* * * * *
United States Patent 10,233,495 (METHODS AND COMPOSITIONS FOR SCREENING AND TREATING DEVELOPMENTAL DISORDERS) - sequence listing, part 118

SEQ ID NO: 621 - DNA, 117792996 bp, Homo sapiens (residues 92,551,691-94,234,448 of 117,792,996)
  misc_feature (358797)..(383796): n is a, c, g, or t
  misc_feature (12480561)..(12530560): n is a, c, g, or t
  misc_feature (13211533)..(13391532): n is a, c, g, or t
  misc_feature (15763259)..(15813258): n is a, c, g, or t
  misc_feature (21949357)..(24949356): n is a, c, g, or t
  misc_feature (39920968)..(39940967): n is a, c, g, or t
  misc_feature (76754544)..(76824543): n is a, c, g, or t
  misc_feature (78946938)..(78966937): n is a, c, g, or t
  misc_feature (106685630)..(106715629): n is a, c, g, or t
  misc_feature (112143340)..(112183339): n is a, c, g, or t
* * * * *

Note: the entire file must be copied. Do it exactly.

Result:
United States Patent 10,233,495 (METHODS AND COMPOSITIONS FOR SCREENING AND TREATING DEVELOPMENTAL DISORDERS) - sequence listing, part 118

SEQ ID NO: 621 - DNA, 117792996 bp, Homo sapiens (residues 92,551,691-94,234,448 of 117,792,996)
  misc_feature (358797)..(383796): n is a, c, g, or t
  misc_feature (12480561)..(12530560): n is a, c, g, or t
  misc_feature (13211533)..(13391532): n is a, c, g, or t
  misc_feature (15763259)..(15813258): n is a, c, g, or t
  misc_feature (21949357)..(24949356): n is a, c, g, or t
  misc_feature (39920968)..(39940967): n is a, c, g, or t
  misc_feature (76754544)..(76824543): n is a, c, g, or t
  misc_feature (78946938)..(78966937): n is a, c, g, or t
  misc_feature (106685630)..(106715629): n is a, c, g, or t
  misc_feature (112143340)..(112183339): n is a, c, g, or t